Can I draft my own employment contracts? What are the risks?

Undoubtedly, there will be a need for businesses to reemploy individuals for the casual, full-time and part-time workforce following the easing of restrictions in Victoria. 

Understandably, many businesses will also be seeking to minimize their overhead and administrative costs in the process. But what are the risks associated with not seeking legal advice or engaging a lawyer to draft your employment contracts?

It is imperative that employers meet the minimum requirements as set out in the National Employment Standards, and the relevant award or any registered agreement when setting pay rates for employees. Ensuring that your employees are receiving their minimum entitlements is imperative to any company or business operating legally.  The penalties for non-compliance can be hefty, and can result in costly legal disputes following an employee’s exit from a company. In other cases, your company could be investigated and fined.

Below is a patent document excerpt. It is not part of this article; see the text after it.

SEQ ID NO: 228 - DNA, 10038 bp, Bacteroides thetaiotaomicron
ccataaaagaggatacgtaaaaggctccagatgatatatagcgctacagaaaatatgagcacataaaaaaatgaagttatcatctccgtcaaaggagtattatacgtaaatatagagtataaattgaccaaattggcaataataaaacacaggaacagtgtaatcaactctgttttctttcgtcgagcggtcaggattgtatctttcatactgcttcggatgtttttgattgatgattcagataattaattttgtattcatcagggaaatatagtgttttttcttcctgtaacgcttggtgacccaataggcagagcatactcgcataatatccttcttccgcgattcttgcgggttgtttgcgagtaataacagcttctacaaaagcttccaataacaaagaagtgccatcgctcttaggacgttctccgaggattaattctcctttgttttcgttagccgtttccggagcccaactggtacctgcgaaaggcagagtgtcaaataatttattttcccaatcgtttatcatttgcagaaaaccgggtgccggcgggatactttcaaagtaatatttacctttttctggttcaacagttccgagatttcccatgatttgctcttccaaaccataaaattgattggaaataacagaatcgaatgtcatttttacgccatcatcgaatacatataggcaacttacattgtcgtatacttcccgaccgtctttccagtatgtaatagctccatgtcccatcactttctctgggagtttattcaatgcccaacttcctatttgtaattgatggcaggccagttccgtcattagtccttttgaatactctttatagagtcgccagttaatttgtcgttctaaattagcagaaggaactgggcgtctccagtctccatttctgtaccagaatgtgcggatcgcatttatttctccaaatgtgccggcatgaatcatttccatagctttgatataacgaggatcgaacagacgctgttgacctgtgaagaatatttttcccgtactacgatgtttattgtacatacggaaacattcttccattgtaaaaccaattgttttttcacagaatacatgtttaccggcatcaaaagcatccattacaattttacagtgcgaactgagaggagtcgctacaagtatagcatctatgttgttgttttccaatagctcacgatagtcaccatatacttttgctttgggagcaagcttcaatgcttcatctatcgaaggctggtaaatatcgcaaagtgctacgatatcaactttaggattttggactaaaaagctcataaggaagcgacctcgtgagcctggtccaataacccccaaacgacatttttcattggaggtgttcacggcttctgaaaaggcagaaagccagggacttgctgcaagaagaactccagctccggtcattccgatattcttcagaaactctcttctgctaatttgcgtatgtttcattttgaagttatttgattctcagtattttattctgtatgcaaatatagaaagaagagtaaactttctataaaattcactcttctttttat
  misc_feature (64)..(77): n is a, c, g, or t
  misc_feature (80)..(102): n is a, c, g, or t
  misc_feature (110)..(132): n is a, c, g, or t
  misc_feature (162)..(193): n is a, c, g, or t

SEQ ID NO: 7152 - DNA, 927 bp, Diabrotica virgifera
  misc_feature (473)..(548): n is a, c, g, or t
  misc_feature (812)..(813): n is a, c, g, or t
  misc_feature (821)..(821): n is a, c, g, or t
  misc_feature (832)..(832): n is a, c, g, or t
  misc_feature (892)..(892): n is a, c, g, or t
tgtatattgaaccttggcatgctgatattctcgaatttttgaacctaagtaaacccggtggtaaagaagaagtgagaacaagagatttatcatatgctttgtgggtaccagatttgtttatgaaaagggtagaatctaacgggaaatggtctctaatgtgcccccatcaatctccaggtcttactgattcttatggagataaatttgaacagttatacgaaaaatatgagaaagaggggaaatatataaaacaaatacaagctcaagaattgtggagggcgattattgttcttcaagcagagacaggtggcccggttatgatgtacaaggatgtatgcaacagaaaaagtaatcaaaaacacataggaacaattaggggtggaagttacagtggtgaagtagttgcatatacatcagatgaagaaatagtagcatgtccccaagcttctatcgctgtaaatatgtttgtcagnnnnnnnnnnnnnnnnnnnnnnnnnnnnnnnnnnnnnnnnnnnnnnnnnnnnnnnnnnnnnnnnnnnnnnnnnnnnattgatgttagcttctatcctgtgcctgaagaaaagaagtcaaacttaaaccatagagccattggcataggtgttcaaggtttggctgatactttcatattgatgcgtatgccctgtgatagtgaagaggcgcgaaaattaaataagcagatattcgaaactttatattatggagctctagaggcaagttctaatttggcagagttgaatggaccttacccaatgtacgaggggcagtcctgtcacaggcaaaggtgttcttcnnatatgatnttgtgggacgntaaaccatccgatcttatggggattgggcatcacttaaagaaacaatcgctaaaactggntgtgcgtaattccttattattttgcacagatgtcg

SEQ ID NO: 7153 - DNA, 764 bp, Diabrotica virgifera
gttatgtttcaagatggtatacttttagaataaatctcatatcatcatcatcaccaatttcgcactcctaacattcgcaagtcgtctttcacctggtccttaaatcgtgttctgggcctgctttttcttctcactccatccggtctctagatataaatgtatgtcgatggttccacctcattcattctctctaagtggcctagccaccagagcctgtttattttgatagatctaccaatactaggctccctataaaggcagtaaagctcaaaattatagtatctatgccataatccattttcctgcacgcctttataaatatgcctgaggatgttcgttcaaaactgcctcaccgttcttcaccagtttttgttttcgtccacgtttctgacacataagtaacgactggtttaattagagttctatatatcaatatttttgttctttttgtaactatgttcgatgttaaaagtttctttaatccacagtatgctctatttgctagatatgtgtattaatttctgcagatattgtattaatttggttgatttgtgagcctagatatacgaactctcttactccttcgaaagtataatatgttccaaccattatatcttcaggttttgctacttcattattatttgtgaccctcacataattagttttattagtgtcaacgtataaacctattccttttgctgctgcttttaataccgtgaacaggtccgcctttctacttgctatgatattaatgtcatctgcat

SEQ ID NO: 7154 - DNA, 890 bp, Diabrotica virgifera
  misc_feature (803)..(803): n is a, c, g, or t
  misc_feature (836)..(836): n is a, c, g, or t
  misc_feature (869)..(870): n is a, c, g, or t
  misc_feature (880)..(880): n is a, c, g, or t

Drafting employment contracts does not need to be unnecessarily onerous or time consuming however it is important to remember that it is not a “one size fits all” exercise. Due to differences between roles, one employer may need to be familiar with multiple varying awards.

In the highly publicised case of George Calombaris’ restaurant group Made Establishment, the group was found to have underpaid employees $7.8 million.  Made Establishment was fined $200,000 for the breaches of its obligations as an employer in July 2019 and was reported as entering voluntary administration in February 2020.

While this is an extreme example, the case highlights the importance of obtaining legal advice at an early stage and demonstrates how small underpayments quickly add up and result in costly issues and back payments.

Scanlan Carroll Lawyers can provide advice as to your employment arrangements. Please do not hesitate to contact our office on [email protected] or (03) 9853 0311.